Minuet (Napoleon)


United States



Adult Weight

7-8 pounds

Life Span

15+ years


Playful, affectionate, and laid-back


Napoleon cat


Medium, long hair or short hair



Personality and Temperament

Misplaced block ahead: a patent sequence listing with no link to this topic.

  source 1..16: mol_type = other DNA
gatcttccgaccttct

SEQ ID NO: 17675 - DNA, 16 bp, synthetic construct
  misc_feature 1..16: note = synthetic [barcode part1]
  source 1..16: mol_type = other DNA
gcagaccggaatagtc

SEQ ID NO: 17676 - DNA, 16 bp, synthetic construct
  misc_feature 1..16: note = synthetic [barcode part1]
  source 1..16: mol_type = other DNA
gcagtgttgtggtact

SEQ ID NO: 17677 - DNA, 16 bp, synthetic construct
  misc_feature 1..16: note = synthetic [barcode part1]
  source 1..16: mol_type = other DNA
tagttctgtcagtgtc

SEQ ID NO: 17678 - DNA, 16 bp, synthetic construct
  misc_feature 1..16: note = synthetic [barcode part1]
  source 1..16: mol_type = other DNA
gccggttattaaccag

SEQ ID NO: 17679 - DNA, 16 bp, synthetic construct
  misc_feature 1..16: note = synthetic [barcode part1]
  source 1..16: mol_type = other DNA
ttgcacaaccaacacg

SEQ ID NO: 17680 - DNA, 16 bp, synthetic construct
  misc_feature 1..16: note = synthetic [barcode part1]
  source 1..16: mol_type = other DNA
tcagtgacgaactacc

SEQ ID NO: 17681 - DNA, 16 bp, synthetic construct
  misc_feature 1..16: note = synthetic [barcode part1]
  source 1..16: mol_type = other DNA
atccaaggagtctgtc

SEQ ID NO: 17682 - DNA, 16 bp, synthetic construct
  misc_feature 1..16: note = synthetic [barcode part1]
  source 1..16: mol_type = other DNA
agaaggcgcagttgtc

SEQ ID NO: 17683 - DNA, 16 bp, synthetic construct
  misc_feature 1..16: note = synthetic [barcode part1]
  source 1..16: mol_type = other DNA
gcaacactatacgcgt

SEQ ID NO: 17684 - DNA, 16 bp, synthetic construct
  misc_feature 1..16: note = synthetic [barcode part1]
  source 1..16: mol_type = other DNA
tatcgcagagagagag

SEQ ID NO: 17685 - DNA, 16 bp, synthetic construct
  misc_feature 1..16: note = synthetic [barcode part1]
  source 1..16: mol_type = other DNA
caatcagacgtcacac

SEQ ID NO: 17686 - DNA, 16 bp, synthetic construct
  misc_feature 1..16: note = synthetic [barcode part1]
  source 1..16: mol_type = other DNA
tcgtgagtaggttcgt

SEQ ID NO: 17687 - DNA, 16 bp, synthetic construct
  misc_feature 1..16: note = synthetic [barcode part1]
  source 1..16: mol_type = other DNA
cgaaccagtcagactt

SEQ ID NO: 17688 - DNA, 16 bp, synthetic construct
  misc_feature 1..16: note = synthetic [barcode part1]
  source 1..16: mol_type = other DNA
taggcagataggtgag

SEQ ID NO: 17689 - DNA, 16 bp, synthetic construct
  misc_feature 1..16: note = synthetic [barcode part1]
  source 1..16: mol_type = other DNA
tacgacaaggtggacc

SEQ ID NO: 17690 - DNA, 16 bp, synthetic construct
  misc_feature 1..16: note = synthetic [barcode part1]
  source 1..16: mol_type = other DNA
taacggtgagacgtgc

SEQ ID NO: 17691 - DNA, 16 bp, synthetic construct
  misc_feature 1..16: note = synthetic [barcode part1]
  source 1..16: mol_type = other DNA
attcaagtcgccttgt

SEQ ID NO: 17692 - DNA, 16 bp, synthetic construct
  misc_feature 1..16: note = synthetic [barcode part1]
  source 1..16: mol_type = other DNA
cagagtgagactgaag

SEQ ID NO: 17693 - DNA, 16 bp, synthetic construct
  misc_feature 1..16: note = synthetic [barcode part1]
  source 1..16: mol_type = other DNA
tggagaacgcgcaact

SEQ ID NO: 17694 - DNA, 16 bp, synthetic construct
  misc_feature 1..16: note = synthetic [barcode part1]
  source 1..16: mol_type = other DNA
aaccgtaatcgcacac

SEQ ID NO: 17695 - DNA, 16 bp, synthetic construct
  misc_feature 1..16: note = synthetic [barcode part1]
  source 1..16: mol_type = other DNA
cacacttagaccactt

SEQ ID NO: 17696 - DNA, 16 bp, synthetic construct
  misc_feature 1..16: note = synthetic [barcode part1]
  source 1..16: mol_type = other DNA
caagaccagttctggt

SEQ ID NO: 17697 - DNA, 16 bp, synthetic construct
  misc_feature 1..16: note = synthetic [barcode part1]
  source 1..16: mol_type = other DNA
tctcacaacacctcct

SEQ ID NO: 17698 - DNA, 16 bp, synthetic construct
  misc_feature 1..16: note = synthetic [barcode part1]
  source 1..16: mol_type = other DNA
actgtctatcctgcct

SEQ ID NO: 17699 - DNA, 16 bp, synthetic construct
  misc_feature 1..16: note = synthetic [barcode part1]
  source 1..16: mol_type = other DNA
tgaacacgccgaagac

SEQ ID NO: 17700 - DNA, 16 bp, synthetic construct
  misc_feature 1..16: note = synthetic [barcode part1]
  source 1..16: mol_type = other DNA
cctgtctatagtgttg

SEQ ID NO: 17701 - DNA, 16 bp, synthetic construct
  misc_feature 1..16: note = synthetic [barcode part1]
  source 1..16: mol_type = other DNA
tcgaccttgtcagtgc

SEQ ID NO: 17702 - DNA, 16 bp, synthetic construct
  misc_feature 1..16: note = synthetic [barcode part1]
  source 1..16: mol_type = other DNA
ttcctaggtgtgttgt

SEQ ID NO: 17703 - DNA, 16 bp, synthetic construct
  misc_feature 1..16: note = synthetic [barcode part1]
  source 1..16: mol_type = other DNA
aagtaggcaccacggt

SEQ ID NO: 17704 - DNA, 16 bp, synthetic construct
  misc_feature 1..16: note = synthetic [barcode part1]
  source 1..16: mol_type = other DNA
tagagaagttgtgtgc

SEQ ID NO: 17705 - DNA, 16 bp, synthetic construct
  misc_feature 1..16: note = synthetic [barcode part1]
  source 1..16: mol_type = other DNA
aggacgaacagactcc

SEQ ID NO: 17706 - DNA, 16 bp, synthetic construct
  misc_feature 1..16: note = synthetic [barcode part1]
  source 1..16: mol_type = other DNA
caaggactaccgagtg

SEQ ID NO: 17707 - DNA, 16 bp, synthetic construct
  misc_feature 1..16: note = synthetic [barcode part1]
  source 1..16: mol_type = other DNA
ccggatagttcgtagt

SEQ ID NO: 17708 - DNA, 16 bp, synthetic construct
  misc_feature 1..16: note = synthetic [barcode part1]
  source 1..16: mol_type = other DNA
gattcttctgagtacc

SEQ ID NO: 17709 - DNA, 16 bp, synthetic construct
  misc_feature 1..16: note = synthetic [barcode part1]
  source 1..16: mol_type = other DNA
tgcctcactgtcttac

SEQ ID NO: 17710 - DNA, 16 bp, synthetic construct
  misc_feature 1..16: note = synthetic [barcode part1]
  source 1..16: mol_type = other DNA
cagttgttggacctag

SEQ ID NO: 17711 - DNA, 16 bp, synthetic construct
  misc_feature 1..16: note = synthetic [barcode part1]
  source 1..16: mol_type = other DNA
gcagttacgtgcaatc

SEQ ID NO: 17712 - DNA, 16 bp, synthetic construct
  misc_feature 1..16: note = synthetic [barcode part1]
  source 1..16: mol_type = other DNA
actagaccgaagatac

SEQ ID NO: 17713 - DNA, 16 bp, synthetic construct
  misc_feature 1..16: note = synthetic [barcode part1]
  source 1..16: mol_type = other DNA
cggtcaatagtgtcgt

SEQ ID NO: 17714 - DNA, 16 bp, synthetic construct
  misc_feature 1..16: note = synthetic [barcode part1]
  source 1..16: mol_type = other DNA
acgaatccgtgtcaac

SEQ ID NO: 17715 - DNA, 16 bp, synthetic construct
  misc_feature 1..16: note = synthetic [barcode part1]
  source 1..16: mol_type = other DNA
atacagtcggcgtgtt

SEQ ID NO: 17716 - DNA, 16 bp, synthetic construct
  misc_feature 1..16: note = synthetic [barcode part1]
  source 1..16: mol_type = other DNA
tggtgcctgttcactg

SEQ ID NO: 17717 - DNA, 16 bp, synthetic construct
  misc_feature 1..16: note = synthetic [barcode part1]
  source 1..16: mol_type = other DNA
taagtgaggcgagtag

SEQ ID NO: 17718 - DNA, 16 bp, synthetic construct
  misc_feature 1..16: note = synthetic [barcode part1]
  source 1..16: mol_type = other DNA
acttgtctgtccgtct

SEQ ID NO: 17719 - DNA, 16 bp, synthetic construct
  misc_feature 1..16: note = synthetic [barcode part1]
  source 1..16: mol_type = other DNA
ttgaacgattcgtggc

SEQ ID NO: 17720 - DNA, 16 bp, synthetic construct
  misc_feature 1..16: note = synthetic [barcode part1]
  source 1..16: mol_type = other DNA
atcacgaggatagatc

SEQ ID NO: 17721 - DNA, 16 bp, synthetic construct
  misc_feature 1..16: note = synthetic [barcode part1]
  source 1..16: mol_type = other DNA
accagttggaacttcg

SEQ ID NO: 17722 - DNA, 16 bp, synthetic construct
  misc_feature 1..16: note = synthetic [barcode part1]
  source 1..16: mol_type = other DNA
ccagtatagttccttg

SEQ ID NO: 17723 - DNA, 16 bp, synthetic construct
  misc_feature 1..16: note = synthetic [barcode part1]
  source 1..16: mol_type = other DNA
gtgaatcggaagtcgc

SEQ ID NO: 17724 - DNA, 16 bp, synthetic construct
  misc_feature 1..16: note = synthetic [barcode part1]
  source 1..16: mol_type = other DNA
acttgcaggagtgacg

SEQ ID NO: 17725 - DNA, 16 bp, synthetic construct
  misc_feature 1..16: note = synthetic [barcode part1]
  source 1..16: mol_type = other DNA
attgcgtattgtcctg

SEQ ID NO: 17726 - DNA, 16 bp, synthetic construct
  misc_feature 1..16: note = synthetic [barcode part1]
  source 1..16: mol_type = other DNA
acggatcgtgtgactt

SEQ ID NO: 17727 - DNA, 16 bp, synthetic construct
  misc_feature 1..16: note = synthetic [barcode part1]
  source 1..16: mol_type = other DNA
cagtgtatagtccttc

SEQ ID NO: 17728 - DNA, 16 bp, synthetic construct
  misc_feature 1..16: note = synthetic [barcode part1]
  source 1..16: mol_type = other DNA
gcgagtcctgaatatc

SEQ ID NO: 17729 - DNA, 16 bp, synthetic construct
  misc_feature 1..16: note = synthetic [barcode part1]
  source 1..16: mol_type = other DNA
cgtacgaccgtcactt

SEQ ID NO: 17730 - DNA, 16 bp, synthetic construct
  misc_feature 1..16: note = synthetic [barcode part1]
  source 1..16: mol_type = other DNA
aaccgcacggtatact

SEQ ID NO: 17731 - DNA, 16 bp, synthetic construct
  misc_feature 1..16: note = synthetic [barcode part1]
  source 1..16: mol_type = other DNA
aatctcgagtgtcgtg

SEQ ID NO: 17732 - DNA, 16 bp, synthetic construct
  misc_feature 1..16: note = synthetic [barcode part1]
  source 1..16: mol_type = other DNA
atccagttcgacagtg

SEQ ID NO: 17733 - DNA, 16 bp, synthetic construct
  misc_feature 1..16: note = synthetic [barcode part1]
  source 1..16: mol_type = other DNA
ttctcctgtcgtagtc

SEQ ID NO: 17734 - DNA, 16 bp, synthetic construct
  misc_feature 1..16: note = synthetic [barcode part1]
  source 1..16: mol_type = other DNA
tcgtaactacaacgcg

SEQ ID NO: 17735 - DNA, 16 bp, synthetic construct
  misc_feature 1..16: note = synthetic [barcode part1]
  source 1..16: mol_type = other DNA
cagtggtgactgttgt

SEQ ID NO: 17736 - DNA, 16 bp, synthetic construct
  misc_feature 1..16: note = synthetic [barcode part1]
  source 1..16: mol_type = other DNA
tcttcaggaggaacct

The Minuet cat, formerly known as the Napoleon cat, is a dwarf cat breed created by crossing Munchkin cats with Persian cats, Himalayan cats, and Exotic Shorthairs. The Minuet’s short legs come from the Munchkin. The Persian breed group contributed the Minuet’s abundant coat and rounded head, eyes, and ears. When the breed was first being developed, it was called the Napoleon cat, named for Napoleon Bonaparte, the short-statured French general with a notoriously big personality. However, the The International Cat Association (TICA) voted to change the breed name to Minuet in 2015, just before the breed achieved full championship status. Minuet cats inherited a mix of wonderful traits from the parent breeds the were used in the breed’s development. They are gentle and sweet like the Persian, but can also active and curious like the Munchkin. Minuets are very friendly, loving, and become very bonded with their people. They enjoy cuddles and get along well with people and other pets. The Minuet comes in short-haired and long-haired versions; both have an abundant and dense coat, which may be any color or pattern. The breed has a semi-cobby, well-rounded body and very short legs. Though the body is medium sized, adult Minuets weigh just 7 to 8 pounds. Some Minuet kittens have the gene for short legs and others do not. Minuets with long legs are referred to as “nonstandard.” These Minuets have all the same wonderful attributes as standard Minuets, but they have long legs like a regular cat. Nonstandard Minuets cannot compete in cat shows—these kittens are sold to pet homes. For this reason, a nonstandard Minuet kitten might cost a bit less than a standard Minuet kitten. Although Minuets can’t climb up quite as high as cats with long legs, they can get around easily. They can run surprisingly fast, especially when they get a case of the zoomies, and their low-to-the-ground body is agile, taking turns with ease. If your Minuet has trouble jumping or climbing onto the couch or your bed, you can provide pet stairs or a pet ramp to make it easier for them.